Box Office: 'Doctor Strange' Opens to Spellbinding $85M in U.S., Hits $325M Globally

The Justin Timberlake-voiced 'Trolls' and director Mel Gibson's 'Hacksaw Ridge' also click with audiences in welcome news for Hollywood after a tough fall; 'Loving' and 'Moonlight' prosper at the specialty box office.

Doctor Strange opened to a far better-than-expected $85 million from 3,882 theaters at the North American box office, adding another franchise to the expanding Marvel Studios and Disney superhero universe and putting the movie's early global total at a magical $325.4 million.

Overseas, the pic earned another $118.7 million this weekend — including $44.3 million in China, the top debut for the first installment in any superhero series —  for a foreign cume of $240.4 million after debuting in select markets a week ahead of its U.S. debut. Prerelease tracking in North America suggested the event film would open between $65 million-$70 million.

Doctor Strange, starring Benedict Cumberbatch as the lesser-known superhero Stephen Strange, gives Disney five of the 10 top openings of 2016 so far and is another coup for Marvel Studios chief Kevin Feige and Disney's marketing team. It also beat the first installments in the Thor, Captain America and Ant-Man franchises. Males fueled the film (58 percent), while 57 percent of moviegoers were between the ages of 13 and 34.

In the film, Cumberbatch plays a top surgeon who, after his hands are injured in a car accident, seeks out the help of the Ancient One (Tilda Swinton), a master of the mystical arts. Chiwetel Ejiofor and Rachel McAdams also star in Doctor Strange, which marks the biggest domestic opening for all four actors.

"The halo that comes from Marvel Cinematic Universe allows for the introduction of new or less well-known characters, and allows Marvel to take chances others might not," said Disney distribution chief Dave Hollis.

Doctor Strange cost $165 million to produce and is the first movie to play in more than 1,000 Imax theaters, which contributed $24.2 million of the global weekend earnings, a November record that includes $12.2 million domestically.

Overall, 47 percent of the gross came from 3D screens.

Boasting glowing reviews and an A CinemaScore, Doctor Strange certainly wasn't the weekend's only success story in a needed morale boost for Hollywood after revenue tumbled 10 percent in September and October. Animated event film Trolls and Mel Gibson's World War II drama Hacksaw Ridge came in on the high end expectations after likewise scoring strong reviews and A CinemaScores.

DreamWorks Animation and Fox's Trolls took second place with $45.6 million from 4,060 theaters. Justin Timberlake and Anna Kendrick star in the animated musical, based on the classic children's doll. Timberlake also served as an executive producer of the soundtrack, which includes his original hit song "Can't Stop the Feeling."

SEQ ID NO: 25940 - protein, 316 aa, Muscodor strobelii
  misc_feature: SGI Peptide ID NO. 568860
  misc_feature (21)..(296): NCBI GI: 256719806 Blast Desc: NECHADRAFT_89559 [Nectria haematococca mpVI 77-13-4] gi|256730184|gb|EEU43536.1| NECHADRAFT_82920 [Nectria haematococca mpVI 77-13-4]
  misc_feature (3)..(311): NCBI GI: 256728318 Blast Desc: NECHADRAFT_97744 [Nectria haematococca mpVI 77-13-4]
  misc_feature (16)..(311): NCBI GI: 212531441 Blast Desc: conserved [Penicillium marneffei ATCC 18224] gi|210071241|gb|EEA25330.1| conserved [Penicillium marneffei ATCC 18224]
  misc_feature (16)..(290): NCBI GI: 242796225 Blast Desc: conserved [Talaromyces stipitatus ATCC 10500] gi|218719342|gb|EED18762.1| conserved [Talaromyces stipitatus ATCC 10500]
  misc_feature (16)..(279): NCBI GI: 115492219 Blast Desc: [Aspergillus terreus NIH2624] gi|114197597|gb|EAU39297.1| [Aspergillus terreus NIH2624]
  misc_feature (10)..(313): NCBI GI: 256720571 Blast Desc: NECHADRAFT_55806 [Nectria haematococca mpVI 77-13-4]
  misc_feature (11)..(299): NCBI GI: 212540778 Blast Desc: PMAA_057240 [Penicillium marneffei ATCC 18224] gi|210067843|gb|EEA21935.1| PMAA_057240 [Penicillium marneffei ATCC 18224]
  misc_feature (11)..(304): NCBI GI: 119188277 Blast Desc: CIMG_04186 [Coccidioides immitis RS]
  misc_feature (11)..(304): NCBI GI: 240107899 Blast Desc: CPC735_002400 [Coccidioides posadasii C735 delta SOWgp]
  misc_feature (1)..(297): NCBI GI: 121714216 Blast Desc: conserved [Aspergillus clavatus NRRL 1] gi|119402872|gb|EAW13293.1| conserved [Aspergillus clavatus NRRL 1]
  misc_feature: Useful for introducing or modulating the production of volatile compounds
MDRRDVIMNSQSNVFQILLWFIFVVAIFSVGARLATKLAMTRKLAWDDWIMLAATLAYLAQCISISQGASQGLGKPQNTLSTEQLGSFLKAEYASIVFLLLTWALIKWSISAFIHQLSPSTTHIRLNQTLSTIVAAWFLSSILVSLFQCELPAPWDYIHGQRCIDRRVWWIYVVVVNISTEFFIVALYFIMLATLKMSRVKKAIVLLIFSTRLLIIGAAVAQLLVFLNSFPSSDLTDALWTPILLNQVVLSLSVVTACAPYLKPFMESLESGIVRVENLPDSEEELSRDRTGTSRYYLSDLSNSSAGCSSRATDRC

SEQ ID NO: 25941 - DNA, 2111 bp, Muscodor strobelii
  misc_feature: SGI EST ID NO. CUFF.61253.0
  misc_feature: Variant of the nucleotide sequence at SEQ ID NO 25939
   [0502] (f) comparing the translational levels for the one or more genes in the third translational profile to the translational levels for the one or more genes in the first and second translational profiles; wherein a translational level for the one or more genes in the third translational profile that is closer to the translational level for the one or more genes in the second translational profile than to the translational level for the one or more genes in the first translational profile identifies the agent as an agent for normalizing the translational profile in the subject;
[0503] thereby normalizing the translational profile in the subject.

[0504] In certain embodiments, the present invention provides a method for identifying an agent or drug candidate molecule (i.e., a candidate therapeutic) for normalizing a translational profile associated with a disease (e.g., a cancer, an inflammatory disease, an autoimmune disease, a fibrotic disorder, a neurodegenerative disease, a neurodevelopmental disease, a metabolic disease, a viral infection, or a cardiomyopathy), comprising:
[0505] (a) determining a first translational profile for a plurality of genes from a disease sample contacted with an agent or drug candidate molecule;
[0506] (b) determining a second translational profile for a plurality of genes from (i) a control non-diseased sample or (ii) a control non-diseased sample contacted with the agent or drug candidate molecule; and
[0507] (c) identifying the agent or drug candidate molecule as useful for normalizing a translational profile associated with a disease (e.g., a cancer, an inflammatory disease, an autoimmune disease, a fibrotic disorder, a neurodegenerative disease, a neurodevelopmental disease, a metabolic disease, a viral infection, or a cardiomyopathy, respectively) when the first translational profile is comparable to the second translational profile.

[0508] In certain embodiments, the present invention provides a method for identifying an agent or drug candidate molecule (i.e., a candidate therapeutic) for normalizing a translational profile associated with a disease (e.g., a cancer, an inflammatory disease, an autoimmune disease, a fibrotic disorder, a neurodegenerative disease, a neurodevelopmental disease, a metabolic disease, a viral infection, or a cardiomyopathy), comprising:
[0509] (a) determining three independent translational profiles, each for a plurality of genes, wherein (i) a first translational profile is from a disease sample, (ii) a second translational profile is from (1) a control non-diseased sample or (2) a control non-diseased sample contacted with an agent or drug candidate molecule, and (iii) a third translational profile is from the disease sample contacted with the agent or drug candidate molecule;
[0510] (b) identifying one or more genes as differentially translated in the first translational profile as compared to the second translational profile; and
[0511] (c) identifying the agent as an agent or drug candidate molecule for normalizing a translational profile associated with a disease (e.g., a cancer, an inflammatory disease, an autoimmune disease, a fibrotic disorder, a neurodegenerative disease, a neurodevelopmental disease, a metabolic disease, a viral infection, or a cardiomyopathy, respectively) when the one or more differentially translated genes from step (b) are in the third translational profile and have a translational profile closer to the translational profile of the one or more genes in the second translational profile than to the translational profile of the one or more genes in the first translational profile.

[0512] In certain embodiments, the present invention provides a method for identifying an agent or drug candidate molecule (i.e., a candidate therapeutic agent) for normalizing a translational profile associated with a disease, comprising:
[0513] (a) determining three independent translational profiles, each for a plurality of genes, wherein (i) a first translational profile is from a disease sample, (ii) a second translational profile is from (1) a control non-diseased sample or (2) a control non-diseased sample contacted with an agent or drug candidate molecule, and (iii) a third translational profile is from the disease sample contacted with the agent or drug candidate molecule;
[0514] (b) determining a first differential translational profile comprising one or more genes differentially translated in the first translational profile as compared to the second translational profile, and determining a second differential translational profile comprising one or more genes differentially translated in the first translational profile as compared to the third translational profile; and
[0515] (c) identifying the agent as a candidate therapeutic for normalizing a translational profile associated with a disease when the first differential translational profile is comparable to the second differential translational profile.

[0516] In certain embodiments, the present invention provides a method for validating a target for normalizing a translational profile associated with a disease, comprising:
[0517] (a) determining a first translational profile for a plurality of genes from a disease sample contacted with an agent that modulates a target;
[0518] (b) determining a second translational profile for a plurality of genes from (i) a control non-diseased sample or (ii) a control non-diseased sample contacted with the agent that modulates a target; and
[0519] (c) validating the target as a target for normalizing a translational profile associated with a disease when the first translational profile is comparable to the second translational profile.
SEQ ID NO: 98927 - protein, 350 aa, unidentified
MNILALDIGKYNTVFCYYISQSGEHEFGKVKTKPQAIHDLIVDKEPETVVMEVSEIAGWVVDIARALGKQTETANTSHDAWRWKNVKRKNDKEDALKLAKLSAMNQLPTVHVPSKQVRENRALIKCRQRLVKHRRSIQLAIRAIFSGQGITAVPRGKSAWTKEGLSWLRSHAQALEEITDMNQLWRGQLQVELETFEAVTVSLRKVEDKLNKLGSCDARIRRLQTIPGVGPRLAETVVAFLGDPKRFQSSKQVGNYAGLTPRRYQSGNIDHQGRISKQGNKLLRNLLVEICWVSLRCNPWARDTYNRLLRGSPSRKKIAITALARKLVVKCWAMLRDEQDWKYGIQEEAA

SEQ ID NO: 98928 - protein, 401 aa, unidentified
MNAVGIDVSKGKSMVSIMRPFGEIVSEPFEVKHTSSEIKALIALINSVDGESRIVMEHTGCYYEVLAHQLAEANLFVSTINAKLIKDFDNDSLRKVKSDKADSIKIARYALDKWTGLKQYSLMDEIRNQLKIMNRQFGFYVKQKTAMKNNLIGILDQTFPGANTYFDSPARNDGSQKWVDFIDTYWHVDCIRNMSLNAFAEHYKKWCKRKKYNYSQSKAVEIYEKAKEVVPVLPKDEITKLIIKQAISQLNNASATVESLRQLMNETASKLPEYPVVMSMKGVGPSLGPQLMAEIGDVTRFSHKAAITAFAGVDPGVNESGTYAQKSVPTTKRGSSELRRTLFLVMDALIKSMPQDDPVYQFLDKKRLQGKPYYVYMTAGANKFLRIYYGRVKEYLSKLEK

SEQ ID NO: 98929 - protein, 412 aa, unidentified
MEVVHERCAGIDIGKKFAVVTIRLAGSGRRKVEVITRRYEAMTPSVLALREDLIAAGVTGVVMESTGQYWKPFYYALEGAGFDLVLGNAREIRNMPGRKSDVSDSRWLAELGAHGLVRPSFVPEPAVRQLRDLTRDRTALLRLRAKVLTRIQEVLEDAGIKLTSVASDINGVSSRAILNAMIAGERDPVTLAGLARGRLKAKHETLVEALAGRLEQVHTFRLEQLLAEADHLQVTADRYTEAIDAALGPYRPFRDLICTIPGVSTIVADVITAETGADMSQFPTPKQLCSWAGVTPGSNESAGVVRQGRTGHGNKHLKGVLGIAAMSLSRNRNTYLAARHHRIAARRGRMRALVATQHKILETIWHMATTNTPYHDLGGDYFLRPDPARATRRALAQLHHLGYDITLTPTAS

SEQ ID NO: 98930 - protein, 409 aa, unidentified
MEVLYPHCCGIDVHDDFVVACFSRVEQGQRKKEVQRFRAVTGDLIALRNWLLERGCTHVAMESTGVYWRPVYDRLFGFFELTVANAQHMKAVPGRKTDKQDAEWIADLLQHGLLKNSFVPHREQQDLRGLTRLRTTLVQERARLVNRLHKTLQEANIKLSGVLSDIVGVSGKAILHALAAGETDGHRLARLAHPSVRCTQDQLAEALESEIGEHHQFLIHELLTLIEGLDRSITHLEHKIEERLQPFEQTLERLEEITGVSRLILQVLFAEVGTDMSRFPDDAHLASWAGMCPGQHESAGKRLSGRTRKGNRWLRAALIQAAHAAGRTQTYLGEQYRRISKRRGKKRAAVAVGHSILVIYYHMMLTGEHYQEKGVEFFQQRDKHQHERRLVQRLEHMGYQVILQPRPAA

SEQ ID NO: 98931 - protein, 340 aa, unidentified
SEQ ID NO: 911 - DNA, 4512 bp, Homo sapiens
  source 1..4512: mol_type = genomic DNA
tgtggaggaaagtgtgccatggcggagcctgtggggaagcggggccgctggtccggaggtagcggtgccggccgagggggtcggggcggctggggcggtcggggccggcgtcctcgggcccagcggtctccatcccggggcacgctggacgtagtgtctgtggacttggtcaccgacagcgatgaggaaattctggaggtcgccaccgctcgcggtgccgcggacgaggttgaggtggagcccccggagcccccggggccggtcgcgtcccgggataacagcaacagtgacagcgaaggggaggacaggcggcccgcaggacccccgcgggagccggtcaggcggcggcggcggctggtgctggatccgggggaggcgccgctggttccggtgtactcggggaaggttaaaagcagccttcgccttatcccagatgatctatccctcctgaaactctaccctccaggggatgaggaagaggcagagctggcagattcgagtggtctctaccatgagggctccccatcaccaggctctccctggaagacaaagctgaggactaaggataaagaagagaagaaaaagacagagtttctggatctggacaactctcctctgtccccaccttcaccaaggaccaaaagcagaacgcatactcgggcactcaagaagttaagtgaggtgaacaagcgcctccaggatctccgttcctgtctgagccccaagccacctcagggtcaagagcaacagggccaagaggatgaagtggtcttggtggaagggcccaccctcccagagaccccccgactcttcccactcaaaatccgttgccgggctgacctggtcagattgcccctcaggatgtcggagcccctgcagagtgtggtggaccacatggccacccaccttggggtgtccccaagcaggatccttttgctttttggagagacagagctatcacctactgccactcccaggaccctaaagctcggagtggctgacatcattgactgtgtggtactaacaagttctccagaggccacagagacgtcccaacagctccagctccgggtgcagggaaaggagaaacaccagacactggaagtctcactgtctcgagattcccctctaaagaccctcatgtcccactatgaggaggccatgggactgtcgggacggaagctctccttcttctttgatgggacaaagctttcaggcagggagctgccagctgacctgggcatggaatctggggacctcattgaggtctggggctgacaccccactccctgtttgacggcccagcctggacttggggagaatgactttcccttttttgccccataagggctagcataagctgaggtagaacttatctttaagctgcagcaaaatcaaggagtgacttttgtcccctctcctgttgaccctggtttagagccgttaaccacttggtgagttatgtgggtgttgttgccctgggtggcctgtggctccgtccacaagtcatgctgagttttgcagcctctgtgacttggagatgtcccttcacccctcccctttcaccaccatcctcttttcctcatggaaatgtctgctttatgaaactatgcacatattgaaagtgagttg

"This is a feel-good movie, starting with Justin's song," said Fox distribution president Chris Aronson. "And with all the negativity that's been gripping our country, this is an antidote to that and puts a smile on your face. Also, it was a well-designed and well-executed marketing campaign."

Trolls is the first DreamWorks Animation movie released sine Universal closed its deal to buy Jeffrey Katzenberg's company. That means while Fox will get its usual distribution fee, the revenue will go to Universal via DWA.

Overseas, Trolls earned $30 million in its third weekend as it expanded into a total of 67 markets for a foreign cume of $104 million for a global tally of $149.6 million.

Hacksaw Ridge followed in third place with $14.8 million from 2,886 theaters, a solid start for a tough, R-rated war film. It is Gibson's first directorial outing since Apocalypto a decade ago (that movie debuted to $15 million).

Hoping to win over both Oscar voters and faith-based moviegoers, Hacksaw Ridge stars Andrew Garfield as a U.S. Army medic who became the first conscientious objector in history to win the Medal of Honor after staying behind during the Battle of Okinawa and saving more than 75 lives, despite refusing to take up arms because of his religious beliefs. The film played well in most parts of the country, versus only working among faith-based audiences.

"It's playing to a general audience," said Lionsgate distribution chief David Spitz. The $40 million pic was financed independently before Lionsgate picked up U.S. rights.

As awards season intensifies, Focus Features debuted Jeff Nichols' interracial drama Loving in four theaters in Los Angeles and New York. The movie posted the top theater average of the weekend, an estimated $48,750.

Loving stars Joel Edgerton and Ruth Negga as married couple Richard and Mildred Loving, a white man and a black woman, who spent nine years fighting for the right to live in Virginia before the U.S. Supreme Court, in a landmark ruling, invalidated state laws forbidding interracial marriages.

Elsewhere at the specialty box office, A24's awards contender Moonlight continued to impress when expanding into a total of 83 theaters in its third weekend. The drama moved up the chart to No. 11, grossing $1.3 million for a theater average of $16,053 — one of the best of the weekend — and a domestic total of $3.1 million.

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